And as the sea breaks softly on the shore, breaking down hard rocks into sand, I feel myself slowly softening. Can I forgive people for being human?

Yes, of course I can! I feel an expanse in my chest, my heart is wonderfully dipped into deep peace as forgiveness floods through images of myself, and my stories of past pains dissolve into stories of humans doing their bestest and managed to wholly mess up. The facts of the past remain the same, but my perspective of them is suddenly very different. I realise that no-one wanted to cause me pain.

I sit there on the coastal path, and feel connected, feel expanded, feel more like I feel I am.

But still I am not done...I feel it in my bones...there is something more here...I look at my Camper shoes. And stay still, allowing the question to arise.

Add caption

I breathe in.

What is it?

I breathe out.

Slowly I start see my stories from the other’s point of view. I see my own actions not from my own story board, but from a higher place. I see that I have not been so absolutely perfect. It is shocking.
The questions come up fast and furiously calmly: Can I let go of my story that makes me ‘right’? Can I allow myself to be honest with myself? Can I forgive myself?

Uf. I dont’ know what you are talking about. What? I start to get tired of this internal conversation and feel an itch on my body. My leg hurts. I notice I am now sitting quite uncomfortably by a beautiful sea. Ohh what is going on over there? I peer into the distance as my left hand tries to remove a stone from under my buttocks.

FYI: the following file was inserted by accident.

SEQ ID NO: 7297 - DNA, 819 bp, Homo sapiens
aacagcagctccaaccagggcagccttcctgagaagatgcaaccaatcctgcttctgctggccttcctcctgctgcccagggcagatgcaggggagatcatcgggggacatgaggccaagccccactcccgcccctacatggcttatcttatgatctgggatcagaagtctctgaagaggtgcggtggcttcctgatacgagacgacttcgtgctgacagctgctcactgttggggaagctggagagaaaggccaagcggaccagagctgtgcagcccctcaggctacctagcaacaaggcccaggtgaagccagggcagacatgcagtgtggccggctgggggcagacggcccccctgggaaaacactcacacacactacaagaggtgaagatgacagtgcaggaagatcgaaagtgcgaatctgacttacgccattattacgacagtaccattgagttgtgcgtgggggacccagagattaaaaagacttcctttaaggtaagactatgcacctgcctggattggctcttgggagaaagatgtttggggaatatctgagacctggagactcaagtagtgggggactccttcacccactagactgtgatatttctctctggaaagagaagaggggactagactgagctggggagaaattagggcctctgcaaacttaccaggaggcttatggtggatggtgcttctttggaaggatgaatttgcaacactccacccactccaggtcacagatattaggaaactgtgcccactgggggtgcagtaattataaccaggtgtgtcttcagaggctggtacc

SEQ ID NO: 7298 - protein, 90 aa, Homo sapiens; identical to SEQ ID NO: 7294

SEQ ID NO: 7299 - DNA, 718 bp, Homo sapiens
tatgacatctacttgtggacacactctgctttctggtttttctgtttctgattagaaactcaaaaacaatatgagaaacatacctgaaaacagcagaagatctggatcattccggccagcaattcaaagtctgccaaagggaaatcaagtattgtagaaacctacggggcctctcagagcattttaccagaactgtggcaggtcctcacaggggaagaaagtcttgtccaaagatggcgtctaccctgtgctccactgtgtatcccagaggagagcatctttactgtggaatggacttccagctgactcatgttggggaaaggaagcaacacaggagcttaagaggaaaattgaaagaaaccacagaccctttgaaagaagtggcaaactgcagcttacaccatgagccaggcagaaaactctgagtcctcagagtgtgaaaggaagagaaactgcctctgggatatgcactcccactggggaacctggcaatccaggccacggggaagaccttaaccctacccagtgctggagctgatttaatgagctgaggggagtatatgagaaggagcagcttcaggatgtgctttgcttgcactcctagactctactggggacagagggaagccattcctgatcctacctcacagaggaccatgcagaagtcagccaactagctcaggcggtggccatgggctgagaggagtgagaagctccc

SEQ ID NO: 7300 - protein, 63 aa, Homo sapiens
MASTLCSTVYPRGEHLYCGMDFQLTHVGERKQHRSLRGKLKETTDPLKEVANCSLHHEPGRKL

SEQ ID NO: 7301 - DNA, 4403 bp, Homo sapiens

The actual boat at the actual time (which is sort of evidence that I did actually take a photo...again, my story not quite in line with reality).

Peering at that little boat on the horizon ideas continue to come into me. I realise that I straight-jacket myself into trying to be so f%*king perfect. And when I’m not I come down like ton of bricks on my own head. I push people away. I don’t like it: it is not my dream; it is not perfect; it is not what I have imagined.

But can I forgive myself? I continue, pressing myself for an answer. Can I forgive myself for not being perfect every minute of every day...?

I want to float off, and pretend that I want only to look at the white clouds in the ohh so blue sky. I wonder about taking a photo.

But I don’t. I continue with task. I realise that if I can forgive others for absolutely messing up so much so they get a Scout’s badge for being so terribly imperfect, then, well, actually, yes, I can forgive myself too.

If I can forgive others for just being imperfectly human, I can forgive myself for being an imperfect human?

Yes. I say suddenly letting all this weight of heavy stories float off my shoulders. Yes I can, and, Yes I do.

Feeling almost weightless, apart from a slightly numb bottom, I float in a cloud of love and feel really, really good. Feeling just how I want to feel normally. Thinking ‘this is real’, this is being alive, this is being true.

Nothing is perfect, not me, not them, not this world. It is, just, as it is.

And in this wonder of experiencing deep forgiveness, I brush off the little stones and branches from my grateful bottom, and continue walking in my naturally disparate leather shoes barely discernible within the picture of the whole.